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Definition  

Morton's neuroma is an inflammation of a nerve in the foot that goes to the toes. Surgical treatment involves removing the area of inflammation and the nerve.

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Reasons for Procedure  

Morton's neuroma can cause pain and tingling. Morton's neuroma removal is done to lessen these symptoms. After the removal, most people have pain relief.

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Possible Complications  

Problems from the procedure are rare, but all procedures have some risk. Your doctor will review potential problems, like:

  • Recurrence of pain
  • Numbness in the nearby toes
  • Bleeding
  • Infection
  • Poor wound healing

Some factors that may increase the risk of complications include:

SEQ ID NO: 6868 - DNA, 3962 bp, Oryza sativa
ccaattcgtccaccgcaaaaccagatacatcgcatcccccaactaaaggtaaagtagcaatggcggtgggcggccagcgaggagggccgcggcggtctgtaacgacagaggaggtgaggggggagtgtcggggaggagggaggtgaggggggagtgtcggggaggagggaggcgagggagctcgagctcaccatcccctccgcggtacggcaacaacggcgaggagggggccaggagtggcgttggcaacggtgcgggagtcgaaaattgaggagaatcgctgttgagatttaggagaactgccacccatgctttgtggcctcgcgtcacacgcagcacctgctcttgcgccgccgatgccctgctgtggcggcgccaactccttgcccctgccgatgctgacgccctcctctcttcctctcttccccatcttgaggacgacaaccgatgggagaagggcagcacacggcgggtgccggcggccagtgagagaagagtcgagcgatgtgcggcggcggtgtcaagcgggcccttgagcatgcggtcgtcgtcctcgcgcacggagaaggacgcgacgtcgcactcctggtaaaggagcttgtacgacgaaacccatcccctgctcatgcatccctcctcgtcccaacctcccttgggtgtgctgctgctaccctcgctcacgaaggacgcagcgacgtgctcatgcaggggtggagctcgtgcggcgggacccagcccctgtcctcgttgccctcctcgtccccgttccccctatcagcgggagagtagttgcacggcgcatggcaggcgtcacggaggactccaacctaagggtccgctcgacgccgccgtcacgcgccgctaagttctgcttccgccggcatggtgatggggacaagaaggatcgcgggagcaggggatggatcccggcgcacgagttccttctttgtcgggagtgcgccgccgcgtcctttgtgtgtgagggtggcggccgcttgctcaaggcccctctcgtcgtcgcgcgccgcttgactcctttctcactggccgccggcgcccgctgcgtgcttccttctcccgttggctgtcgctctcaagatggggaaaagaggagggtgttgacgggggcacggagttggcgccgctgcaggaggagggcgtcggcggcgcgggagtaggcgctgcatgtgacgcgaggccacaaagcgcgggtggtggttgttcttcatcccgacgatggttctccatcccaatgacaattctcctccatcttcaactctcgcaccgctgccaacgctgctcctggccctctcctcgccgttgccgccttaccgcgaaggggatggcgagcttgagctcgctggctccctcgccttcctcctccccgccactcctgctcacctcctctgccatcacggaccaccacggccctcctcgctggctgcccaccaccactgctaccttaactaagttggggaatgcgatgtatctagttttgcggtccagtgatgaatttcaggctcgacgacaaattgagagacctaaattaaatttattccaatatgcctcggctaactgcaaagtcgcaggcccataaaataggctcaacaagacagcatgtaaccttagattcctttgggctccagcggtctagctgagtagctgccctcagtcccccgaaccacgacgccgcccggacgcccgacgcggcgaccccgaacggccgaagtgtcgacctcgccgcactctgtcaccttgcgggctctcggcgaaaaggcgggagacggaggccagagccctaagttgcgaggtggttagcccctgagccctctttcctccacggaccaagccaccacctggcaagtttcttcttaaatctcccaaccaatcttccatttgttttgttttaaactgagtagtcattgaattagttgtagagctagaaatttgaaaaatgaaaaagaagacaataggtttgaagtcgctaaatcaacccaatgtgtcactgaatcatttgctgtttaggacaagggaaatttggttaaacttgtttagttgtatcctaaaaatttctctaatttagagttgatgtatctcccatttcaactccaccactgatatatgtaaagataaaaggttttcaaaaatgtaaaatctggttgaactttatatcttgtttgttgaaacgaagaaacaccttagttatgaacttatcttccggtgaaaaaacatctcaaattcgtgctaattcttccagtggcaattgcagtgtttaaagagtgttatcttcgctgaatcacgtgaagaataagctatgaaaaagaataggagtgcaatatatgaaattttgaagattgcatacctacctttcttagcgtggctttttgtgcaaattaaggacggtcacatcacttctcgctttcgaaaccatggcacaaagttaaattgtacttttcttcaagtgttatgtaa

• Smoking
  • Poor nutrition
  • Long-term illness
  • Use of certain medications
  • Diabetes
  • Bleeding disorders
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What to Expect  

Prior to Procedure  

You doctor may do the following:

  • Medical history
  • Physical exam
  • MRI scan of the foot

Anesthesia  

Local or general anesthesia will be used. Local anesthesia will numb the area. With general anesthesia, you will be asleep.

Nerves of the Foot  
Foot Anatomy Nerve and muscle

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Description of Procedure  

A small incision will be made on the top of the foot. It will be made between the two toes that are affected by the neuroma. The area of inflammation and the nerve will be located and removed. Sometimes, the ligament between the involved foot bones is cut to prevent pressure on the area. The incision will then be closed with stitches. A bandage will be applied over the area.

After Procedure  

The removed tissue will be examined in a lab. The results may take several days.

How Long Will It Take?  

Often less than one hour

How Much Will It Hurt?  

Anesthesia will prevent pain during surgery. Pain and discomfort after the procedure can be managed with medications.

Average Stay  

If there were no complications, you may be able to leave the same day.